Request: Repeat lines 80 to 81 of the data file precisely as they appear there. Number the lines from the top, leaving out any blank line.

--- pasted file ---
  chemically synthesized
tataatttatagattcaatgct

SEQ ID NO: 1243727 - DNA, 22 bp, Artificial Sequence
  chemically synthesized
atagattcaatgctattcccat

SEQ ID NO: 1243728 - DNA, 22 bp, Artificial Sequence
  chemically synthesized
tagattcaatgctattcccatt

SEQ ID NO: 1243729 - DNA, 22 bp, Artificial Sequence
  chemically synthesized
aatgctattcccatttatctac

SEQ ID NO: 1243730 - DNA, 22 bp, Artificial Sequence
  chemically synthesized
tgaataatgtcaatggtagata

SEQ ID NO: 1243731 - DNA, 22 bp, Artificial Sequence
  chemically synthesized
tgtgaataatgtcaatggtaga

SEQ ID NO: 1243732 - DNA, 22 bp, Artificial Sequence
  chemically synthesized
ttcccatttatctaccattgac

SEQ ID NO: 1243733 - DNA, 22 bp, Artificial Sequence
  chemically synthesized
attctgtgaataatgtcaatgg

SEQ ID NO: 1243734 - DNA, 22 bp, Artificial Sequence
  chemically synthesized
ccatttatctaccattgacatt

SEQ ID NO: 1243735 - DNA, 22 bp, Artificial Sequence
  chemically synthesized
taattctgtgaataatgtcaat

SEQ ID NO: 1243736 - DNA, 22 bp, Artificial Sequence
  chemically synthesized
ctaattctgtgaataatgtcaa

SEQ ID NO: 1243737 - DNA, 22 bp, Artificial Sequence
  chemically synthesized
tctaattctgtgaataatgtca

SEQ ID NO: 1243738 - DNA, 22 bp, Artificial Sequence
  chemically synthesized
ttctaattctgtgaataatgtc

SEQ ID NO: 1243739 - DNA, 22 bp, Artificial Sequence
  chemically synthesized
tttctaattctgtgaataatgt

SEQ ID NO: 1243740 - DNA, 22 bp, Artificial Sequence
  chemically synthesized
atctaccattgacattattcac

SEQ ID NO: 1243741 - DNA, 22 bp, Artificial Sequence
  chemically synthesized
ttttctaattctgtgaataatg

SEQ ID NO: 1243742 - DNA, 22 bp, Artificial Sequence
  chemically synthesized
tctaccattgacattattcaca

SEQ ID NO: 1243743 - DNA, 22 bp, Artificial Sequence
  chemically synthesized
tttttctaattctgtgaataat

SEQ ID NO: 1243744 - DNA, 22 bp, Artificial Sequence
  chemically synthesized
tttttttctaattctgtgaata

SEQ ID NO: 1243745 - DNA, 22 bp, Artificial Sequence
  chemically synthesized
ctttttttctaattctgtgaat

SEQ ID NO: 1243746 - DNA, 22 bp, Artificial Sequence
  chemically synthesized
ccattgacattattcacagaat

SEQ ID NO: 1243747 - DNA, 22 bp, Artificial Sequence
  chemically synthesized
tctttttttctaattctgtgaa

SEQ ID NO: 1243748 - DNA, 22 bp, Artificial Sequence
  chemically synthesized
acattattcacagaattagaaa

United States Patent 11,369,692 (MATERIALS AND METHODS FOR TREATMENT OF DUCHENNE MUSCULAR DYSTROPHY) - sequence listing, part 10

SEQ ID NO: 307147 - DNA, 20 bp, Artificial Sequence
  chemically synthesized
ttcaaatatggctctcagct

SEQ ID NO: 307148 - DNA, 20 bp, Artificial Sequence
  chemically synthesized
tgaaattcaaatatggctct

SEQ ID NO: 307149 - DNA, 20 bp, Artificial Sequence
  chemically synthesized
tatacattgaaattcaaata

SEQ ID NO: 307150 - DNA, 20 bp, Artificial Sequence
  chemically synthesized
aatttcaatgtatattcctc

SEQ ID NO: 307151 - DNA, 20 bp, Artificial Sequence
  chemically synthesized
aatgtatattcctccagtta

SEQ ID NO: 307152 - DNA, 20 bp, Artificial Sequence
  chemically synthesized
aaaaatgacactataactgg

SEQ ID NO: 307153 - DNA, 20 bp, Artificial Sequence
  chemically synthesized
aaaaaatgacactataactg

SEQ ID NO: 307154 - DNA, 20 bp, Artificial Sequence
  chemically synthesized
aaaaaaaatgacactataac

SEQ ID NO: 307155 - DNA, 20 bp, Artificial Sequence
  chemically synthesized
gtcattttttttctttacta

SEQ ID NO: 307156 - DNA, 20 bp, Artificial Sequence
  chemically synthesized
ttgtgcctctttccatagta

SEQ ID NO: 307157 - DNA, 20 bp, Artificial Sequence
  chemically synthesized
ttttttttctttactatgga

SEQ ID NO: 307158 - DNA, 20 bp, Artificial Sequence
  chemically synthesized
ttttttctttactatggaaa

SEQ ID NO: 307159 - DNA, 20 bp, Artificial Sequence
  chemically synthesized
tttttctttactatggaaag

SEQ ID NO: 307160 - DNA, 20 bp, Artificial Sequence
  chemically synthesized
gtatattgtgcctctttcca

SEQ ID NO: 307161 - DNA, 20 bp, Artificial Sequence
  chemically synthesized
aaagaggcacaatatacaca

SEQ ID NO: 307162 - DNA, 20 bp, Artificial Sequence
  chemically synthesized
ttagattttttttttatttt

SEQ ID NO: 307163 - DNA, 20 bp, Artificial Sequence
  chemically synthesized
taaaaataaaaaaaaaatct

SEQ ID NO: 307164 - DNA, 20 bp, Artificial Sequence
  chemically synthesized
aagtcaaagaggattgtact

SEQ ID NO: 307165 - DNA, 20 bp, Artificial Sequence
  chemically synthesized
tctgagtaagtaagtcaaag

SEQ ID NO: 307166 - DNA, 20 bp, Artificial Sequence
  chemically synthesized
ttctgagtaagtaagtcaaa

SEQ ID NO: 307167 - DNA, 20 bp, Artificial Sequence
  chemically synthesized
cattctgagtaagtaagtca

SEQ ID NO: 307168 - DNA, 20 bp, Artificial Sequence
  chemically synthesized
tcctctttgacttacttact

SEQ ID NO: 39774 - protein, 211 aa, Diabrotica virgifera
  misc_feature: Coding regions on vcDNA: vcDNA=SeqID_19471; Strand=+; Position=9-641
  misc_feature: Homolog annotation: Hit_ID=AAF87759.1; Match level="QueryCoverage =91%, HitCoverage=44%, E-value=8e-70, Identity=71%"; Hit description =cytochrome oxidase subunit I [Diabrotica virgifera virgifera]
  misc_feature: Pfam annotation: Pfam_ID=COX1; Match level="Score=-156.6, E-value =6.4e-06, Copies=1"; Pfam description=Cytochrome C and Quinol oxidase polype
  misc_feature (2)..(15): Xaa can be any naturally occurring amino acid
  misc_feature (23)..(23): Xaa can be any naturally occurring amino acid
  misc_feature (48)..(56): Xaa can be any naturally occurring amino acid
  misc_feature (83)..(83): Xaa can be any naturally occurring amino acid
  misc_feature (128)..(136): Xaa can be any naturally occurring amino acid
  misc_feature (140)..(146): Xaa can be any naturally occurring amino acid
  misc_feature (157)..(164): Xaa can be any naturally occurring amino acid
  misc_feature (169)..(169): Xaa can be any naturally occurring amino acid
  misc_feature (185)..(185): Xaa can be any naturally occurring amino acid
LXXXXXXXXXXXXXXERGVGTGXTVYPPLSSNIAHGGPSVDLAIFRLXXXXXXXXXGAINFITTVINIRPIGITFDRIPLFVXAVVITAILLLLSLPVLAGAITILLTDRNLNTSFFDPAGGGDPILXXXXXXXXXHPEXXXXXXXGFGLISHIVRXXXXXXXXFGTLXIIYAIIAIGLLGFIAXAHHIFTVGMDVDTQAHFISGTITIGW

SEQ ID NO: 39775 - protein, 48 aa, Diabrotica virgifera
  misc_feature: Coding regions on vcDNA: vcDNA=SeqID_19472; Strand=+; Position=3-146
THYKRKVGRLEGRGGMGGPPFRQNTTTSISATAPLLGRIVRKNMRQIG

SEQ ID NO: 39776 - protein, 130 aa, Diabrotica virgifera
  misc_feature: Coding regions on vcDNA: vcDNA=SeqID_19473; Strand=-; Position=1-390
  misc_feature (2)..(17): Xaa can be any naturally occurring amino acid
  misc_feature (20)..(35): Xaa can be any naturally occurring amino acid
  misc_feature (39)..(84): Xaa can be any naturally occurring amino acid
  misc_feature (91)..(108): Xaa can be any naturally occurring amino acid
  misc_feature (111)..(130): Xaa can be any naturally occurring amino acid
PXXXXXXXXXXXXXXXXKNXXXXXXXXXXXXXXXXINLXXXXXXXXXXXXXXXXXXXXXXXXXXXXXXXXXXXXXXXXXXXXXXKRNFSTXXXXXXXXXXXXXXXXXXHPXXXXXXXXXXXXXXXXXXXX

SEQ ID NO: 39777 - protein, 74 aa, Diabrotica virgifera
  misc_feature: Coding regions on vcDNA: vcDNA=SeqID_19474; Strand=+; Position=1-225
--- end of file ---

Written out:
  chemically synthesized
aatttcaatgtatattcctc